8.5 years old boy with no family history of coeliac disease was reffered to the gastroenterology outpatient clinic because of 6 months long complaints of abdominal pain, nausea and positive coeliac disease serology performed at the primary care.
At the time of the first visit at the paediatric gastroenterologist clinic, he was already on a partial gluten-free diet. Basic laboratory tests were normal. Serological tests for coeliac disease showed low positive TGA (~3x ULN) and borderline positive EMA. He was found to be HLA DQ2 positive. Upper endoscopy was performed and histopathological changes were classified as Marsh 1. Since serological tests were positive and histopathological results did not show changes characteristic for coeliac disease, revision of the biopsy specimen was requested by the paediatric gastroenterologist. Histopathological results showed changes characteristic for Marsh 1 again. Due to the positive serology gluten-free diet was recommended until the end of puberty followed by gluten challenge with re-biopsy.
However, at the follow-up visit one year after the upper endoscopy, the boys mother said that the boy had not follow gluten-free diet since all the complaints resolved after oesophagogastroduodenoscopy and therapy with proton pump inhibitor. The boy has been eating normal amounts of gluten and had no abdominal pain or any other problems except lactose intolerance. At the follow-up visit, serological tests for coeliac disease were performed again and showed low positive TGA antibodies (~2x ULN) and borderline positive EMA. No other abnormalities were detected with laboratory investigations. It was planned to perform another upper endoscopy after half a year.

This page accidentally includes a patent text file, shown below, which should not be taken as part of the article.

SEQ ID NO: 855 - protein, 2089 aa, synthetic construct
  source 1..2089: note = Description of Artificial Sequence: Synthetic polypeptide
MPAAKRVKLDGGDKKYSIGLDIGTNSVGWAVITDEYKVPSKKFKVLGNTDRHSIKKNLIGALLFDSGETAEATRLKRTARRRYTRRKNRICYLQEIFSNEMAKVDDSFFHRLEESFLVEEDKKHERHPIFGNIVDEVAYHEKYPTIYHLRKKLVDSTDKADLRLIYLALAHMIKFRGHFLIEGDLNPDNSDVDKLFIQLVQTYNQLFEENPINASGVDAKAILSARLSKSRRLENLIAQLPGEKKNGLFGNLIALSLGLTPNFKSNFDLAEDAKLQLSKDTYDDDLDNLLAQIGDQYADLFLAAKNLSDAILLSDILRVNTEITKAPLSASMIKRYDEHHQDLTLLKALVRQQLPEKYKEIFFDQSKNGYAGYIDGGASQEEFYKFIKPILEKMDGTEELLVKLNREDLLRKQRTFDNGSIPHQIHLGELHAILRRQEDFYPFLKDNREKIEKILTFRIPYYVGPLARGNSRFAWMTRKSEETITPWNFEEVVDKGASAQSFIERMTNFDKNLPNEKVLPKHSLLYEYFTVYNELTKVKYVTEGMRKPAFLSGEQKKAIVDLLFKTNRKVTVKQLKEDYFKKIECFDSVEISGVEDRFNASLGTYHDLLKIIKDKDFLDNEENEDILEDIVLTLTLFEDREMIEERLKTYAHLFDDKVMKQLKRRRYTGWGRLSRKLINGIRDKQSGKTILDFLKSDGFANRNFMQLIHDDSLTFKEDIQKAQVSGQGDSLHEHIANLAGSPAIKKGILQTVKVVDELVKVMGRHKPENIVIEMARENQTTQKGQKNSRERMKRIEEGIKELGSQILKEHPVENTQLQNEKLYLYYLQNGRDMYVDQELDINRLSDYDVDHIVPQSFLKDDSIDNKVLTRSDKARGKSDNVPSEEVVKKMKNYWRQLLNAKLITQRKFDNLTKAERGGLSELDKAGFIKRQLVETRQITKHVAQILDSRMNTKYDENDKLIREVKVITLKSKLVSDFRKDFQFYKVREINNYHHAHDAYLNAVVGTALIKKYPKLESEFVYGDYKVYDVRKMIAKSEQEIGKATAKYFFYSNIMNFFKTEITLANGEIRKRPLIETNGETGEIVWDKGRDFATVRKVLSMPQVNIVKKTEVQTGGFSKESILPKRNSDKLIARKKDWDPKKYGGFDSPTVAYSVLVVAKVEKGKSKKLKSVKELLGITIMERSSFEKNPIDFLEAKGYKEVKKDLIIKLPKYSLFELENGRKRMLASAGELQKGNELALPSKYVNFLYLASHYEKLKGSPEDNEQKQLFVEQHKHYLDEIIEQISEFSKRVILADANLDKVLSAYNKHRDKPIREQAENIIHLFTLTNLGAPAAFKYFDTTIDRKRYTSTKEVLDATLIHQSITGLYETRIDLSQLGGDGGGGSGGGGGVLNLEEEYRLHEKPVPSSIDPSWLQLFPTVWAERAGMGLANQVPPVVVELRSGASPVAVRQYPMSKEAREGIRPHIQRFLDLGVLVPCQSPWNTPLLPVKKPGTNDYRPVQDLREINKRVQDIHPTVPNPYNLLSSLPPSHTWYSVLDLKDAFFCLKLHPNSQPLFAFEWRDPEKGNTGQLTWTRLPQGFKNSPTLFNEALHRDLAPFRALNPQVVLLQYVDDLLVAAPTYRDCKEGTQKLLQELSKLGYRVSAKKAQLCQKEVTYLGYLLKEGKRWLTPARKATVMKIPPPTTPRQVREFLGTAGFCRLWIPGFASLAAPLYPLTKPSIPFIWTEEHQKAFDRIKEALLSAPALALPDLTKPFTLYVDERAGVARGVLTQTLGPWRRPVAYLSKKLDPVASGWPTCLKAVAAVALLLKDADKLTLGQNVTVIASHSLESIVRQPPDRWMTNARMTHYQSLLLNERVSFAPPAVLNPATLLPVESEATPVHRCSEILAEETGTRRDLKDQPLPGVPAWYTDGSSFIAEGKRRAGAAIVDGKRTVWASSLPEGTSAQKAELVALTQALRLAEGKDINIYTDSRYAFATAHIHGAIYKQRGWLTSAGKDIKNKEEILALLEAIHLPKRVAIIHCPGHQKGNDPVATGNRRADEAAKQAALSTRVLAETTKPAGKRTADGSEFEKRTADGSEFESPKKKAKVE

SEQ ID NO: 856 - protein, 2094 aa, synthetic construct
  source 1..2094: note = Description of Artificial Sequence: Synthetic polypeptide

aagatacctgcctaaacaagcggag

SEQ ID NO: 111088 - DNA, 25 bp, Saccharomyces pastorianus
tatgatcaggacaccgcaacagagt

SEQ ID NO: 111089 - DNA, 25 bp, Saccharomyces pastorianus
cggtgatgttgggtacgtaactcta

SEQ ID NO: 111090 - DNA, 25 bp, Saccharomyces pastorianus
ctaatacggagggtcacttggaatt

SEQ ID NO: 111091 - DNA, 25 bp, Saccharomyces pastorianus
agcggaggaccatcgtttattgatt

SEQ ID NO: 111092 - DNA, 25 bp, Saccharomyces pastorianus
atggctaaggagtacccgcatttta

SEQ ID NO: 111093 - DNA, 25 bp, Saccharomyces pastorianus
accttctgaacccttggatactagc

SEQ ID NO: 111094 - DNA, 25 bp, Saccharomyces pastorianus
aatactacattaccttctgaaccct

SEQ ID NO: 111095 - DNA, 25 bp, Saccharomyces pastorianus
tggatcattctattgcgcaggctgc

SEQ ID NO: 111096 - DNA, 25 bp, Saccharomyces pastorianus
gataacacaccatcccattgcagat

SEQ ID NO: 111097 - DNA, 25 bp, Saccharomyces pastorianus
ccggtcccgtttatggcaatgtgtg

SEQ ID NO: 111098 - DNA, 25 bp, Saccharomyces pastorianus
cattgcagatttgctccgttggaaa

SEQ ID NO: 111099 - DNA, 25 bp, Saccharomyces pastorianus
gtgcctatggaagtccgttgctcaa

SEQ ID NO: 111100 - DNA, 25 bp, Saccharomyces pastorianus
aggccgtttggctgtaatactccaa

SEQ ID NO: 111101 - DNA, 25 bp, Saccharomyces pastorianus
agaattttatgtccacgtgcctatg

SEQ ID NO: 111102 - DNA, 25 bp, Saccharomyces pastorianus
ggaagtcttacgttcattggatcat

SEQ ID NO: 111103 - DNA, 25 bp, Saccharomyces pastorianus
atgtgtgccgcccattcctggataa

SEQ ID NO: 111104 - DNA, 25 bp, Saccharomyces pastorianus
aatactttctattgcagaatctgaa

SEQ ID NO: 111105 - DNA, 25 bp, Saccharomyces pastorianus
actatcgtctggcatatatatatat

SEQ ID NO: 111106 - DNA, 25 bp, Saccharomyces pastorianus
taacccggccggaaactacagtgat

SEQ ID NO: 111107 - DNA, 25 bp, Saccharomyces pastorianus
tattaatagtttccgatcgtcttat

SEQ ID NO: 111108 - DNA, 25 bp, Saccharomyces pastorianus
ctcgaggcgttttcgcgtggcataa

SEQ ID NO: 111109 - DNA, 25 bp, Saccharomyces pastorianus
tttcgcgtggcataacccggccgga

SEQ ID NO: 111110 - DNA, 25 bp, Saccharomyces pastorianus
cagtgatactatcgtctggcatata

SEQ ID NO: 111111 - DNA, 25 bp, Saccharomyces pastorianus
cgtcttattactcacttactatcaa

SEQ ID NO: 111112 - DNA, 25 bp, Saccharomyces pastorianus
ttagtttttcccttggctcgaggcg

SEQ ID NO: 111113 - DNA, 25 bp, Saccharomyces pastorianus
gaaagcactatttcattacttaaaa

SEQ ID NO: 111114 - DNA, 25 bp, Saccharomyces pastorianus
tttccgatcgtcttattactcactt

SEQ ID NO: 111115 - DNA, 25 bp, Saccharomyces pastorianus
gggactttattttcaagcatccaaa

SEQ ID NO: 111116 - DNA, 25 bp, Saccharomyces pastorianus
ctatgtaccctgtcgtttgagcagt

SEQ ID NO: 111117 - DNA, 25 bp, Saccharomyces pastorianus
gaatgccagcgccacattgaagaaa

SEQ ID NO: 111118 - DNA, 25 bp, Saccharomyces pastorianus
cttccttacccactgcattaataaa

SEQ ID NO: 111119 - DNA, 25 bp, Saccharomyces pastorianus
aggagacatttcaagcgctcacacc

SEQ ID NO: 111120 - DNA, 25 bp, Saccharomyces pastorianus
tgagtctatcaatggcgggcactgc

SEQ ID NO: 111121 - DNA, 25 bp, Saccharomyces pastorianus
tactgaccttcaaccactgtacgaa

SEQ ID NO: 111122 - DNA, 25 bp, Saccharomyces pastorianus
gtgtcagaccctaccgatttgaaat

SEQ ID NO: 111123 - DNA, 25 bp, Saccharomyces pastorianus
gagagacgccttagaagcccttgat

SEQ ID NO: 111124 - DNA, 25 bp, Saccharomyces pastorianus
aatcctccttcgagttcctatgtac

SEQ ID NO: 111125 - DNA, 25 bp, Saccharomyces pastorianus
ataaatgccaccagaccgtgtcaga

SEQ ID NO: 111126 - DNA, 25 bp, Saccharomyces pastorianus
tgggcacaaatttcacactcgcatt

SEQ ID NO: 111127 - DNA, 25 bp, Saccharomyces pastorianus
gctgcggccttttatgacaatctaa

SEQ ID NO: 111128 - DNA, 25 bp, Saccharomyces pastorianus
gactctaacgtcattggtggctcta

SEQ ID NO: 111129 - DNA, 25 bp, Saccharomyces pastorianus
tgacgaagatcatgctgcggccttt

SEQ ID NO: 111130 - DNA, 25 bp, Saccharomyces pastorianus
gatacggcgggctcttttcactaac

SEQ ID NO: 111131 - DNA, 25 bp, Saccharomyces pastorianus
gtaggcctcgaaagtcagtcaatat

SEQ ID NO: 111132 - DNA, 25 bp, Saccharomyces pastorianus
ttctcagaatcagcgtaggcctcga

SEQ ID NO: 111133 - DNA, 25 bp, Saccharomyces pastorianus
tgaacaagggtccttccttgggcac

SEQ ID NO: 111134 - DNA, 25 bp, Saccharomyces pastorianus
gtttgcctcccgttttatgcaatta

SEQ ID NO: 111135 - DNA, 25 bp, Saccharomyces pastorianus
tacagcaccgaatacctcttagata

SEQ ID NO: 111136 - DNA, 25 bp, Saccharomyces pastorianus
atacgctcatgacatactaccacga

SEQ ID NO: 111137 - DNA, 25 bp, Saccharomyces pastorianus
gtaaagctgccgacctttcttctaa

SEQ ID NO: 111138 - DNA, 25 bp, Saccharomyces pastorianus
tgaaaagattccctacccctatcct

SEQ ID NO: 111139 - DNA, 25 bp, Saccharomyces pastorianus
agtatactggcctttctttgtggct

At the time of planned oesophagogastroduodenoscopy, which showed normal duodenal mucosa without histopathological signs of coeliac disease, TGA was performed again and this time the result was negative (just below ULN). However, it was again requested by the pediatric gastroenterologist to review the biopsy specimen, and this time the revision of the same specimen showed changes classified as Marsh 3a.
So, despite positive histology and negative serology for coeliac disease, it was decided that the boy probably has coeliac disease. However, he will be put on a gluten challenge again at the age of 18 years, when growth process will be finished.